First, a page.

By Andrew P. Napolitano
The president's men trash the Constitution to pursue antagonists
Independent voices from the TWT Communities
A car that tells your insurance company how you're driving. A bathroom scale that lets you chart your weight on the Web. And a meter that warns your air conditioner when electricity gets more expensive.
The junior league of smartphone operating systems is getting more competitive. Phones from yet another contender _ Tizen _ will go on sale this year with a view to eventually competing with the industry leaders, Apple's iOS and Google's Android.
The CEOs of AT&T, Vodafone and Telefonica _ three of the world's largest cellphone companies _ had some rare words of praise for U.S. regulators Monday, saying they're doing better than their European counterparts in promoting faster wireless data networks.
Nokia unveiled a cheaper model in its Lumia smartphone range, powered by Microsoft's Windows phone software, as it tries to regain dominance in emerging markets like China.
Samsung Electronics is beefing up its tablet range with a competitor to Apple's iPad Mini that sports a pen for writing on the screen.
When the top executives of the world's wireless industry gather next week in Barcelona for their annual trade show, cellphones will take a back seat to talk of cars, electric meters and insulin monitors.
Pro-traditional family groups from 11 countries are outraged because the U.S. ambassador to the Czech Republic endorsed a homosexual celebration this week that will culminate with a gay pride parade Saturday in Prague.
Microsoft on Wednesday let consumers start trying out its upcoming touch-based Windows 8 operating system, which aims to power a new wave of computer tablets and traditional PCs designed to counter Apple's big gains in the market through its Macs and iPads.
Google's executive chairman says rapid advances in technology are increasingly turning science fiction into reality, meaning people will soon have driverless cars and the ability to experience being in another place without ever leaving home.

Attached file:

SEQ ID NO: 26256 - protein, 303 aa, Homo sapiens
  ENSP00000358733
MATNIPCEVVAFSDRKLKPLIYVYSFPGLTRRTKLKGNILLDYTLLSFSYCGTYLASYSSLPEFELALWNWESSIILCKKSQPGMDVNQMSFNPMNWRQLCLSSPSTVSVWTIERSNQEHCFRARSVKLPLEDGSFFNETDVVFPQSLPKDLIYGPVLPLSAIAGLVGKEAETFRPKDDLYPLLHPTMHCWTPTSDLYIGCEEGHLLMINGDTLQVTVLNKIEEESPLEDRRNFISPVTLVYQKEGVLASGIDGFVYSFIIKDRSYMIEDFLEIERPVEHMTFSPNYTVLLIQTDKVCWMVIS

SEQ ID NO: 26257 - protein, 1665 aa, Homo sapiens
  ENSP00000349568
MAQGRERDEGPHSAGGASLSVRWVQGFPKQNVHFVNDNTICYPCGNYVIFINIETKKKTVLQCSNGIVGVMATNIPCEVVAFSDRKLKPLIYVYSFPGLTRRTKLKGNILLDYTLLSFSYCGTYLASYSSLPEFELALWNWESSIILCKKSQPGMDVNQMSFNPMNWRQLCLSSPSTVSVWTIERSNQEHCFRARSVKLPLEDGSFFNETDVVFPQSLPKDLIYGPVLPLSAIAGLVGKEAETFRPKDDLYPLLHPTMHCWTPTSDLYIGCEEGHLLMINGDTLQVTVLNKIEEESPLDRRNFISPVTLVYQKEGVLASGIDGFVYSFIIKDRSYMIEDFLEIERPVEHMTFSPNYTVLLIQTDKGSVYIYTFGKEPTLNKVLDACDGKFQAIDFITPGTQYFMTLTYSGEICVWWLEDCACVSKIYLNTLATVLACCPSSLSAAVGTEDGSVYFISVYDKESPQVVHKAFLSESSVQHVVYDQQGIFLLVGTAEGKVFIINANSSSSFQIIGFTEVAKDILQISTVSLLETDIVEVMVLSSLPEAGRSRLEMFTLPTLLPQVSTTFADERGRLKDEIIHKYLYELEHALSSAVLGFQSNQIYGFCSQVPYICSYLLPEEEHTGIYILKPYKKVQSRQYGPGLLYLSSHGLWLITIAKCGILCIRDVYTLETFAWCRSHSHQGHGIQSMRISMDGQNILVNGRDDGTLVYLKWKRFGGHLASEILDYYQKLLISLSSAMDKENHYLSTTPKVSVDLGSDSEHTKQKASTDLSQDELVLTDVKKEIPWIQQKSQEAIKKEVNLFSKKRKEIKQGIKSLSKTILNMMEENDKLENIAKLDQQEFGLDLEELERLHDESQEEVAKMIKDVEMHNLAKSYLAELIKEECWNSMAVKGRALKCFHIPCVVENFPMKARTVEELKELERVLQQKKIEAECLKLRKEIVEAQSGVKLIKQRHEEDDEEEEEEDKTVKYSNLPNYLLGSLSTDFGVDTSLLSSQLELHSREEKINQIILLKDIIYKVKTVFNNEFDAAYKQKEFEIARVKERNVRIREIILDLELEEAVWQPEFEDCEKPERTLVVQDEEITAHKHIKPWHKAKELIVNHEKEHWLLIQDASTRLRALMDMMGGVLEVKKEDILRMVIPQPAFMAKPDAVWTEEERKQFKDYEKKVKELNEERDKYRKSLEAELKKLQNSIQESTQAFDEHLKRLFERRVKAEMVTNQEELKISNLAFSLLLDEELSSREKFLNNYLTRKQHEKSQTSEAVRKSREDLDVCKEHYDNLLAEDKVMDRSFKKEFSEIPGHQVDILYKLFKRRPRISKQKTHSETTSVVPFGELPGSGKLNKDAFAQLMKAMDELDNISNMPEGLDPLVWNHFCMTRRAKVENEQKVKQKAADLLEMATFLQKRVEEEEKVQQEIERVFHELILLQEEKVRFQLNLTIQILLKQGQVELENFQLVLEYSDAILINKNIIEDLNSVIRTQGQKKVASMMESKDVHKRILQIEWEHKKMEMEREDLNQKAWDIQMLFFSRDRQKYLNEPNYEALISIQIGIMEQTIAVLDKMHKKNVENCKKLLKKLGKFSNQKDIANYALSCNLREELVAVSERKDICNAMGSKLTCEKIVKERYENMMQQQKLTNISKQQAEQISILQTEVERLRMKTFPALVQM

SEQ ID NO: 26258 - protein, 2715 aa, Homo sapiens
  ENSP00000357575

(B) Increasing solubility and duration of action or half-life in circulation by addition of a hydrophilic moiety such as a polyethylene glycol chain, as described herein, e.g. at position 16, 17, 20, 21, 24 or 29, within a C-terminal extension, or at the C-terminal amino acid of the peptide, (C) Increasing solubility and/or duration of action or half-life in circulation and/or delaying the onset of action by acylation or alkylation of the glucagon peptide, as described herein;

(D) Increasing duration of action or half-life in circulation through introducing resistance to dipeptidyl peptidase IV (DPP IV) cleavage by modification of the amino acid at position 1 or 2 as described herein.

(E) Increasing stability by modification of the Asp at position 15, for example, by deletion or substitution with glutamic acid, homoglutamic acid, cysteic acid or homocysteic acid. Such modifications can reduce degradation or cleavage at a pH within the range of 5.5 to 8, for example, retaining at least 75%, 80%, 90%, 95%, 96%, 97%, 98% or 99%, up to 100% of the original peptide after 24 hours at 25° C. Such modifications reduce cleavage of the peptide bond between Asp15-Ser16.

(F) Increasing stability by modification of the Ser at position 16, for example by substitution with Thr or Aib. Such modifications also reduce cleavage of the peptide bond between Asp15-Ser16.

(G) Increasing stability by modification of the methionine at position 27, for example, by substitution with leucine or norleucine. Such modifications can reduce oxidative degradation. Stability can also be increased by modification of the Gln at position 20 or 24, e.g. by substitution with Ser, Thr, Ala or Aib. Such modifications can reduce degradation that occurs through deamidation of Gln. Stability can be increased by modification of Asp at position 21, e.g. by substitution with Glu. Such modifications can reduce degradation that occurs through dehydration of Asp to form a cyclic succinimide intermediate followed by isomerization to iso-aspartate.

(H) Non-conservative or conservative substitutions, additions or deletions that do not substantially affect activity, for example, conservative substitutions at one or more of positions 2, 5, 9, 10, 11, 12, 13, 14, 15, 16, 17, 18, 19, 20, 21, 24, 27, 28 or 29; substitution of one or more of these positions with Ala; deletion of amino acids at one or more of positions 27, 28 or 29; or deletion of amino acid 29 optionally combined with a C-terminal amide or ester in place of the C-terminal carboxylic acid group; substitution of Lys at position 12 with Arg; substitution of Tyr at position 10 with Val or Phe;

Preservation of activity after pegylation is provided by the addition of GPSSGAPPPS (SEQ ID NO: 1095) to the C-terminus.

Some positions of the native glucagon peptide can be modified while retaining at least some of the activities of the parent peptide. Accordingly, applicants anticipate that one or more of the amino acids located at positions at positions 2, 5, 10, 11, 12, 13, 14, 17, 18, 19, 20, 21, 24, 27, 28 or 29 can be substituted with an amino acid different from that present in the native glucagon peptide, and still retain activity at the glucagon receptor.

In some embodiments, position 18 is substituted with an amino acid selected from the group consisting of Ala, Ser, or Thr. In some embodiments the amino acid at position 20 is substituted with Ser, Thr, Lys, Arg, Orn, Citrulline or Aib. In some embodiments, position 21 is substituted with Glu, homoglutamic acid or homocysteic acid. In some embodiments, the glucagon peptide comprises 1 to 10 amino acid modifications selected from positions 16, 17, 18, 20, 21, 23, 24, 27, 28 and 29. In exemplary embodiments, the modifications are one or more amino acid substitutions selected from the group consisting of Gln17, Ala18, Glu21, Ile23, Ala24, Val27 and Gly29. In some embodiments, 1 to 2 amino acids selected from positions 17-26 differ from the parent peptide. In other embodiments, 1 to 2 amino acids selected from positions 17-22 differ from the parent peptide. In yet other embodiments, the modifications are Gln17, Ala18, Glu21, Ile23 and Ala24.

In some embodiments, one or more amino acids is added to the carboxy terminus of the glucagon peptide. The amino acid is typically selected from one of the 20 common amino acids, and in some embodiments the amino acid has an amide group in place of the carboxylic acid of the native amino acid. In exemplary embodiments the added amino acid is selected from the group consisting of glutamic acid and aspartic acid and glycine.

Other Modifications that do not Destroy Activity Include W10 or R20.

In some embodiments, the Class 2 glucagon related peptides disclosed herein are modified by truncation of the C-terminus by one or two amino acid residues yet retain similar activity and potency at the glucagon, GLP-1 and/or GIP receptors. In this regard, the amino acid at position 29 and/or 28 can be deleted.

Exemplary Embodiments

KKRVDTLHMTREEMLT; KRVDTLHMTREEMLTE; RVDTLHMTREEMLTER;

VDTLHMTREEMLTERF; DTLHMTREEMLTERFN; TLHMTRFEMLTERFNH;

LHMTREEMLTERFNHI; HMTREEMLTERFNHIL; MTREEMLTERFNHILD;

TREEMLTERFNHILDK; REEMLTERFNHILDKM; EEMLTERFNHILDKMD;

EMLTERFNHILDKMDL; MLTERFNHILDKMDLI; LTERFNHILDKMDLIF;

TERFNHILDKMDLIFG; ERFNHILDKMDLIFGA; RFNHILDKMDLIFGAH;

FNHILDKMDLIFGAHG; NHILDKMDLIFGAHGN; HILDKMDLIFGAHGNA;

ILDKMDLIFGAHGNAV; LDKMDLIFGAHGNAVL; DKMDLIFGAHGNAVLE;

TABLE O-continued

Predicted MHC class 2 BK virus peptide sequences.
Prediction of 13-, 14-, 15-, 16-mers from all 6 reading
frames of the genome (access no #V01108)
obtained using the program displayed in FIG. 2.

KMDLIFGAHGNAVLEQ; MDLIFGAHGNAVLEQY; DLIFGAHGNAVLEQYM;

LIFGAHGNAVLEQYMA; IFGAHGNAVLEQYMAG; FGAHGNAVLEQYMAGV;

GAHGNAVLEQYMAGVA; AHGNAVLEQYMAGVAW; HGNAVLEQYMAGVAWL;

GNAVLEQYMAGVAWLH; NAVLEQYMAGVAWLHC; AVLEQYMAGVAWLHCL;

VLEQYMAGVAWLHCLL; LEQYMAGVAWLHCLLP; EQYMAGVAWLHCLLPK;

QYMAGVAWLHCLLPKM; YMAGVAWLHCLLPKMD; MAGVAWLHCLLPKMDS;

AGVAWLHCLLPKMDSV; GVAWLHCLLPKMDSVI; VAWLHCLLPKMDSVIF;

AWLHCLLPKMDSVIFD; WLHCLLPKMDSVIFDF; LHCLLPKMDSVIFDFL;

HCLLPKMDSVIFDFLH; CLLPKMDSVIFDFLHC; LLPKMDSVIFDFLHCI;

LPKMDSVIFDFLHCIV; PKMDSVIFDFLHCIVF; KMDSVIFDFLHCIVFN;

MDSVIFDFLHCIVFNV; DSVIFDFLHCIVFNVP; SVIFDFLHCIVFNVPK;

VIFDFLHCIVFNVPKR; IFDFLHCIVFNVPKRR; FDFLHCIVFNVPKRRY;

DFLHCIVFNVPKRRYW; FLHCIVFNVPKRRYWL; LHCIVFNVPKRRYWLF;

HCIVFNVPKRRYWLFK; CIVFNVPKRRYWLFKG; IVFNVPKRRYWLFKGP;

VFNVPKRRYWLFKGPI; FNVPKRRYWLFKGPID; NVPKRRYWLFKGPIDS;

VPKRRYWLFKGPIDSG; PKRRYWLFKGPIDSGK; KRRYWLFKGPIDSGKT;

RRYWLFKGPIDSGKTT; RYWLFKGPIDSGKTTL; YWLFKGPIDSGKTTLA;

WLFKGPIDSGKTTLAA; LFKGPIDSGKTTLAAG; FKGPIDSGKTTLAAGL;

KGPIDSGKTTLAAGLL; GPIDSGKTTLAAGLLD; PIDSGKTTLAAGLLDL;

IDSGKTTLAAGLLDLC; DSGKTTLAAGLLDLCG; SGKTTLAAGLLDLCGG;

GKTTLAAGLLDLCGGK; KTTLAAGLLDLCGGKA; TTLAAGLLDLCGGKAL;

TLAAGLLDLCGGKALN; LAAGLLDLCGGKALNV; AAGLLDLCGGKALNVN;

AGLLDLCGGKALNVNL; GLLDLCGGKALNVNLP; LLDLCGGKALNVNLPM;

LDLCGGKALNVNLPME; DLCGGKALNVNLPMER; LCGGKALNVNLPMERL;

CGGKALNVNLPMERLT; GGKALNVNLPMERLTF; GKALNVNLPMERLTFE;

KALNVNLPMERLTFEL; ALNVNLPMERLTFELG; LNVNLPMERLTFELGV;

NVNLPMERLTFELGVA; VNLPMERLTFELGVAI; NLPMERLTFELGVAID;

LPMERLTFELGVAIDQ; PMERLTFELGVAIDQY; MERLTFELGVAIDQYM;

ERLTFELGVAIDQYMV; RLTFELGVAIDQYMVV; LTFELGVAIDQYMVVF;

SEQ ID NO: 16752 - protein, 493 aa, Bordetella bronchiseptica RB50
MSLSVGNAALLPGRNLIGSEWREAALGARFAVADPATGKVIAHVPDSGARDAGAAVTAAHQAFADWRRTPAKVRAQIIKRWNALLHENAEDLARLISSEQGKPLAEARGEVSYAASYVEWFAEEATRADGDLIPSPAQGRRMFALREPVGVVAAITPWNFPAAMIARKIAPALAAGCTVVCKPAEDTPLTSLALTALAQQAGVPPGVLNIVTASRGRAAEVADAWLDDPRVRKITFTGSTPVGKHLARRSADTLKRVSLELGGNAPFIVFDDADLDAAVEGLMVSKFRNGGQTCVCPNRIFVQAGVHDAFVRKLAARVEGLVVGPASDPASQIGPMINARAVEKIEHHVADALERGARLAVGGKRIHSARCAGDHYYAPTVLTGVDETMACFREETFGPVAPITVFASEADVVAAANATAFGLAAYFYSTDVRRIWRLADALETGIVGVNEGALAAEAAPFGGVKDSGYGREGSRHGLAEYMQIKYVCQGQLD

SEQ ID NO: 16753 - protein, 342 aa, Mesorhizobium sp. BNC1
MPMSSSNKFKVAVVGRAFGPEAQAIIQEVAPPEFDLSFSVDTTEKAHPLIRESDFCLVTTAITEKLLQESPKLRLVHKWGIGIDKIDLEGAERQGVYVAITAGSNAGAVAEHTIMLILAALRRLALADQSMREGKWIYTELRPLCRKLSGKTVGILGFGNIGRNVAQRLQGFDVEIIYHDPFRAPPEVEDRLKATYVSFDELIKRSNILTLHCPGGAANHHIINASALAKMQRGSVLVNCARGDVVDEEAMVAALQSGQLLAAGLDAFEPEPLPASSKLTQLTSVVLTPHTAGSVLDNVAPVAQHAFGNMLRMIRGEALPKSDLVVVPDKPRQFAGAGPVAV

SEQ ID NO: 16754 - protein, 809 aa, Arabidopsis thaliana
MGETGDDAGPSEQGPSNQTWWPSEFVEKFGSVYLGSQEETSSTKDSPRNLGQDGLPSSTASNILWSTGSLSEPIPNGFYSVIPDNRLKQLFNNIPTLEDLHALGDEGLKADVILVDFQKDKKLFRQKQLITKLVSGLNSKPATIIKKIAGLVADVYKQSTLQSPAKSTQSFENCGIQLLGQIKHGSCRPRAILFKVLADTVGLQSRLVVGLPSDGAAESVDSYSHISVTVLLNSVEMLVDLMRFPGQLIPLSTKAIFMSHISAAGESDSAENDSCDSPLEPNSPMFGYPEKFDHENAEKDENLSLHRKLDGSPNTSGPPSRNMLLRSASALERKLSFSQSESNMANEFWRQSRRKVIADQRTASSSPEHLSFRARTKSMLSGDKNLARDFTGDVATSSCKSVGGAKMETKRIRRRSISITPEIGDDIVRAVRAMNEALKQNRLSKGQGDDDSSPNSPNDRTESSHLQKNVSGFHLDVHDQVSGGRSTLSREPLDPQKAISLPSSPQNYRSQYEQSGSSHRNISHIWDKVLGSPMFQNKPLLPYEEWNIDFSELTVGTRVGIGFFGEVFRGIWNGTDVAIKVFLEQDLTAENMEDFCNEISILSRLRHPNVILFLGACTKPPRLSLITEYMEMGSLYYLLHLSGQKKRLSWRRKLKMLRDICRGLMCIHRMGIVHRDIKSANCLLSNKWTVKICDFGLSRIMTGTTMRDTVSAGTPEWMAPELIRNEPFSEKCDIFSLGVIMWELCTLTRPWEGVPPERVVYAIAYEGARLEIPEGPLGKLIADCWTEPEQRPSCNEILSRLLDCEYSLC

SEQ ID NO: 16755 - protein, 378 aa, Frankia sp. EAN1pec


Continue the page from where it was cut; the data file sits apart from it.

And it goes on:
Struggling cell phone maker Nokia kicked off the world's largest mobile phone trade show Monday by unveiling a new low-cost Windows smartphone that operators could give away free to customers, and another aimed at snap-happy consumers demanding better photo quality.
Smart-phone maker HTC Corp. on Tuesday showed off a tablet computer that can be used either with a finger or with a battery-powered "pen" for drawing and note-taking, in yet another way manufacturers are trying to make their upcoming tablets distinguish themselves from Apple Inc.'s iPad.
HTC, which has made Windows-powered smart phones for nine years, says that the decision by Nokia, the world's largest maker of phones, to adopt Microsoft software is good news for them.
Smart phone maker HTC Corp. is showing off a tablet computer that can be used either with a finger or with a battery-powered "pen" for drawing and note-taking.
As part of the quest to add more depth to electronics, LG Electronics Inc. on Monday demonstrated a phone with a 3-D screen and a 3-D camera, set to go on sale later this spring.
Now that it has hooked up with Nokia Corp. phones, Microsoft Corp. hopes to connect its phone software to the Xbox this year too. It's also planning other improvements that include a faster Web browser and quicker switching between phone applications.